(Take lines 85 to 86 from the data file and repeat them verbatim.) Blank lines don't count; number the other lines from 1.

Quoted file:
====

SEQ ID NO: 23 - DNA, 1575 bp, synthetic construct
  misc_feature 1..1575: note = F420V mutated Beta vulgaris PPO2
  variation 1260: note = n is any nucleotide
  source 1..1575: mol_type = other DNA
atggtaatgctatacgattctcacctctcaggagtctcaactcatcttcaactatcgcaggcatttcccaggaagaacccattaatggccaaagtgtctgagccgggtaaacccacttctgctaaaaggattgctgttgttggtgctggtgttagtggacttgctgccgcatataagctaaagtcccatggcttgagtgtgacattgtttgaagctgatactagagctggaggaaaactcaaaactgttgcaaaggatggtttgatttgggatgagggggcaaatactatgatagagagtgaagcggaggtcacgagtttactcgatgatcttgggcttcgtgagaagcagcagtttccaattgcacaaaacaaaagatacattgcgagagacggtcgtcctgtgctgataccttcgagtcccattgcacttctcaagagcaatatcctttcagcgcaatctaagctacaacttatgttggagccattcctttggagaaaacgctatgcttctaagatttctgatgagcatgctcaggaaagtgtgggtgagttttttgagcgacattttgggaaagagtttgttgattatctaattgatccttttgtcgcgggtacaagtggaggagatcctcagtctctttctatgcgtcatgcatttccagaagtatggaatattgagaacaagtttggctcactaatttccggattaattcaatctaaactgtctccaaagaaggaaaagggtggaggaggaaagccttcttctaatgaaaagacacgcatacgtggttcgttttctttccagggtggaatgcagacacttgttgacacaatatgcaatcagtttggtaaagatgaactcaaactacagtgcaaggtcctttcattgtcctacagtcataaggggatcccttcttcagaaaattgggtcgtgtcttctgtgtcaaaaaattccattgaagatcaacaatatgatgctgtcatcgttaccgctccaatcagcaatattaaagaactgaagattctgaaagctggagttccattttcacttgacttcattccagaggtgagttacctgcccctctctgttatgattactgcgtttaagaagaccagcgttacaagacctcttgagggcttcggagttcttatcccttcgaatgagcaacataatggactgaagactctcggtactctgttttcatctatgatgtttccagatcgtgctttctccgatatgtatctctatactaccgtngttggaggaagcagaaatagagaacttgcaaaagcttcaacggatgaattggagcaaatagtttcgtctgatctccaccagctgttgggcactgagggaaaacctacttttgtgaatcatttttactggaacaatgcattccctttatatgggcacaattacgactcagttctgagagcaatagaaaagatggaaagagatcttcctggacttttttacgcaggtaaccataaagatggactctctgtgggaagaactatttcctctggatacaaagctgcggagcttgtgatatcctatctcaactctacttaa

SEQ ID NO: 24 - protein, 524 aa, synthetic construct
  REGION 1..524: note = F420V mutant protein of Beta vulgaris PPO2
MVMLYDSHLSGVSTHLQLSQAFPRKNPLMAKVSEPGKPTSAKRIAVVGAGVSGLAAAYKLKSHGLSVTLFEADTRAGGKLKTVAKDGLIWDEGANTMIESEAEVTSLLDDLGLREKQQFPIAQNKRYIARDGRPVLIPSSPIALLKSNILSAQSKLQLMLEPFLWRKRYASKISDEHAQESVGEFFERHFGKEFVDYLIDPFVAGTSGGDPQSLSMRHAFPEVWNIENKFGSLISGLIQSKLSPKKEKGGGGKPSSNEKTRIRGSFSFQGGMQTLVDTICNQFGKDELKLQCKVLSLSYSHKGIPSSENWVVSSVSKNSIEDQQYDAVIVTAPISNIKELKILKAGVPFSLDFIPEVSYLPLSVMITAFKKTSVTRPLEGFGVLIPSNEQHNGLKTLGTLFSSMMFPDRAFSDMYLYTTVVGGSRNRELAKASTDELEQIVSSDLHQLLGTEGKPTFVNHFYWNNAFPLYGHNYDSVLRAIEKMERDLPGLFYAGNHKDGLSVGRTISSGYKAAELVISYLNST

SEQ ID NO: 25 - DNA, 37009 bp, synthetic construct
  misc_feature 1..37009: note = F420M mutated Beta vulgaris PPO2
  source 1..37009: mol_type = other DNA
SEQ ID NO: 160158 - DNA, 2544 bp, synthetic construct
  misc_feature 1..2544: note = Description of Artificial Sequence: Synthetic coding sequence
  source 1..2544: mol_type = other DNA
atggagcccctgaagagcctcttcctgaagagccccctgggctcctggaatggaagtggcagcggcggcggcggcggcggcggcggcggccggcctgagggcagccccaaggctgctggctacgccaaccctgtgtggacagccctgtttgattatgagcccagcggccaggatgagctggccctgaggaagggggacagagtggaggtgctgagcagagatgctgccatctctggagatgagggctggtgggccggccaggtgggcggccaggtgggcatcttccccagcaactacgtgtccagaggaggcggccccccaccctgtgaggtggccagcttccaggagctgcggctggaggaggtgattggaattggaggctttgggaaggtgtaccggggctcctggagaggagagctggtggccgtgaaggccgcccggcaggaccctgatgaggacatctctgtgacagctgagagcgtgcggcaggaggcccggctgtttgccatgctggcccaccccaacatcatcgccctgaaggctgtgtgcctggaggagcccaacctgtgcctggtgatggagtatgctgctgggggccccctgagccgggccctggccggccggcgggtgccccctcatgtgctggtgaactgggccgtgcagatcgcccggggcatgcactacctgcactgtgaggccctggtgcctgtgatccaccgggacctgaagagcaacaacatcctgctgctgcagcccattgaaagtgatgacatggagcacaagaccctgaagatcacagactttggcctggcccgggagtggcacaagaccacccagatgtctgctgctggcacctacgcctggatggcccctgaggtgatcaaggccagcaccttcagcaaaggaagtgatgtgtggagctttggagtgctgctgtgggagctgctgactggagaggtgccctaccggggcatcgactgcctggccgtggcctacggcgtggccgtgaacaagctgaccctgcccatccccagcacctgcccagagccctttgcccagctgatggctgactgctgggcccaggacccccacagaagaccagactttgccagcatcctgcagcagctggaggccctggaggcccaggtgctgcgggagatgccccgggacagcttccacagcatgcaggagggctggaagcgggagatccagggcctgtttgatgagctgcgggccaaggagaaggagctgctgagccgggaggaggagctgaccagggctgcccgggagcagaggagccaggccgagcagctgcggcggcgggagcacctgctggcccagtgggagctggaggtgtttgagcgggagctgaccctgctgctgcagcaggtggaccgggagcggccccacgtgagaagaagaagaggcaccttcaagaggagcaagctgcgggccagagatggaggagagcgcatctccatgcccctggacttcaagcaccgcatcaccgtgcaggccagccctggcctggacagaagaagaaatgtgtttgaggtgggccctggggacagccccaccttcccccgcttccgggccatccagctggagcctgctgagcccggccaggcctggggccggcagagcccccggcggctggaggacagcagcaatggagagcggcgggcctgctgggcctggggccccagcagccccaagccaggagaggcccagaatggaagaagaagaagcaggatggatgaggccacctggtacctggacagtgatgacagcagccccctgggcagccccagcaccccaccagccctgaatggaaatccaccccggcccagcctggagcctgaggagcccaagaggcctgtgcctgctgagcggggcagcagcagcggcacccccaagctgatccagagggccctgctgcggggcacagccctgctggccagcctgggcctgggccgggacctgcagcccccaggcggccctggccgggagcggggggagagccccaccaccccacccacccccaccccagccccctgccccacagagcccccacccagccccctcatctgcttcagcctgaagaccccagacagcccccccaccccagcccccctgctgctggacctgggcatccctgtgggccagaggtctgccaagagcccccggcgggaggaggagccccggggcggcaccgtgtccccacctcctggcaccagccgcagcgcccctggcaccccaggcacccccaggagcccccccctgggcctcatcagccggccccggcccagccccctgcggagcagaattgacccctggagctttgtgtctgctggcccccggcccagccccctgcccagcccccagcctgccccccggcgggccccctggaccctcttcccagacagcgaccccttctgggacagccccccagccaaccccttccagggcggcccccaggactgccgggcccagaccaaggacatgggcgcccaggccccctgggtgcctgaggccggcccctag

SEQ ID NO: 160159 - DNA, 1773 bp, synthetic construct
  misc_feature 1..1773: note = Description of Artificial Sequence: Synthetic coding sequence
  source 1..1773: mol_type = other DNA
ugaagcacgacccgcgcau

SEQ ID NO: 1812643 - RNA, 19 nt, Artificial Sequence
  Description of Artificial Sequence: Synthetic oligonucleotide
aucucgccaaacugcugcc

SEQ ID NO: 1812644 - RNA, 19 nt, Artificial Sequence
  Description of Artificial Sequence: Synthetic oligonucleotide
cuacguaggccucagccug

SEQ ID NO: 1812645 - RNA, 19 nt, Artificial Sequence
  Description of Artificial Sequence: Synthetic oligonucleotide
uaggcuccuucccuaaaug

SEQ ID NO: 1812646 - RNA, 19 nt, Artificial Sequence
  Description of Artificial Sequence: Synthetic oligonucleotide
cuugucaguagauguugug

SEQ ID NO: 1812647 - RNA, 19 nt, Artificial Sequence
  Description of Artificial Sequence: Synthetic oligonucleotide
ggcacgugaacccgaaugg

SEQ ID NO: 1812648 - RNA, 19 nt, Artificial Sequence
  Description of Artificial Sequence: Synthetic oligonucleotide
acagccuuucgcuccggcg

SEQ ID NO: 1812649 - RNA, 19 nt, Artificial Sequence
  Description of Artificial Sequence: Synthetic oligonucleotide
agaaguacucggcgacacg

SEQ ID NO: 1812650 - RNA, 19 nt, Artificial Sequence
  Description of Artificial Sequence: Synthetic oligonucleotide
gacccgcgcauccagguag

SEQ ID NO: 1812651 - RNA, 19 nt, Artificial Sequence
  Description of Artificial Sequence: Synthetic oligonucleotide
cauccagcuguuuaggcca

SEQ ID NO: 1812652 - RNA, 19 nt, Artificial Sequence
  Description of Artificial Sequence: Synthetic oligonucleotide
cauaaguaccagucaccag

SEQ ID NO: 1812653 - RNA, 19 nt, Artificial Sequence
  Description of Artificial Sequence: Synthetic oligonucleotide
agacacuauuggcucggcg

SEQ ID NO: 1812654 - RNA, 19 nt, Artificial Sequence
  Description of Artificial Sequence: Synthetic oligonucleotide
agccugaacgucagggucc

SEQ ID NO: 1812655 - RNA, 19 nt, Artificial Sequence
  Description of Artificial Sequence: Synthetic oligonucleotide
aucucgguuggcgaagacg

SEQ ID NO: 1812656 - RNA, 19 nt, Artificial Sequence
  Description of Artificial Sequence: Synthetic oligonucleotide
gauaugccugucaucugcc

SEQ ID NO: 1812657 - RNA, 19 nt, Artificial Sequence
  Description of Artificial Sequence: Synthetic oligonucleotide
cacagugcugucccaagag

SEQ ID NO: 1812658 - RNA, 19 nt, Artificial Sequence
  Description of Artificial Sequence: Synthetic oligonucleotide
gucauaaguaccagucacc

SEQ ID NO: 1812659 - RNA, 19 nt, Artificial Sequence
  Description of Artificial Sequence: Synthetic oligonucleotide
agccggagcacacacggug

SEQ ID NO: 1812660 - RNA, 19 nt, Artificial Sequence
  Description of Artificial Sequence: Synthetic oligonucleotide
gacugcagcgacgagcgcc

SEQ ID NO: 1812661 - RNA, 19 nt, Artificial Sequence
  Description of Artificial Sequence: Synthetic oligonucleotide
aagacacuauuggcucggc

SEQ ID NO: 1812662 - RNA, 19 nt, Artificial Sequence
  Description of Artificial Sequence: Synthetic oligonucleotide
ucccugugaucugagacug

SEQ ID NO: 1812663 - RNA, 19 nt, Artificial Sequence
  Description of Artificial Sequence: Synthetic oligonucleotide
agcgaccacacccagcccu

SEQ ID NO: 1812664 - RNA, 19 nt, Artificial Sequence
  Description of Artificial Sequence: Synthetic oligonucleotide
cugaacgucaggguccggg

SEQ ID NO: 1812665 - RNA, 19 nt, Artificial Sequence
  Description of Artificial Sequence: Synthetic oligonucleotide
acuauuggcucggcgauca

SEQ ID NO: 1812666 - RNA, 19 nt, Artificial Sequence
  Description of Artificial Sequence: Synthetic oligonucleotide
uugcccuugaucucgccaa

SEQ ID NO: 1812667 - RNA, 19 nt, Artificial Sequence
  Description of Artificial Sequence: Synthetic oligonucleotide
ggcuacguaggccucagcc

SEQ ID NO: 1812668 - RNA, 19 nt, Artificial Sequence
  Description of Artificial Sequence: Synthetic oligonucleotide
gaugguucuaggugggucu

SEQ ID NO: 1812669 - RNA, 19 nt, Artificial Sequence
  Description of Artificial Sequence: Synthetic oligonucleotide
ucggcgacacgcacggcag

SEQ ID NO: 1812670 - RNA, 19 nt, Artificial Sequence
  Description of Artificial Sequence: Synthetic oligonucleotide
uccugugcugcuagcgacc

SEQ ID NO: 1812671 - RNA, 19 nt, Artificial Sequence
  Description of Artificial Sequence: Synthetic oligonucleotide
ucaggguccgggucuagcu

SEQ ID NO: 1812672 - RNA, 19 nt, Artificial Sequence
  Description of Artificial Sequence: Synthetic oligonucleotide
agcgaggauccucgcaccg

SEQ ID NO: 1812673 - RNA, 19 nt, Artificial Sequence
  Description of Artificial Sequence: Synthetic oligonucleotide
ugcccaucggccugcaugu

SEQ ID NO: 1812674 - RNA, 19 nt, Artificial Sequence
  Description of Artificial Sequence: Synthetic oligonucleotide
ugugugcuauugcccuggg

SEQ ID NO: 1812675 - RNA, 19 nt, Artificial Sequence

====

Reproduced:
cugaacgucaggguccggg

SEQ ID NO: 1812665 - RNA, 19 nt, Artificial Sequence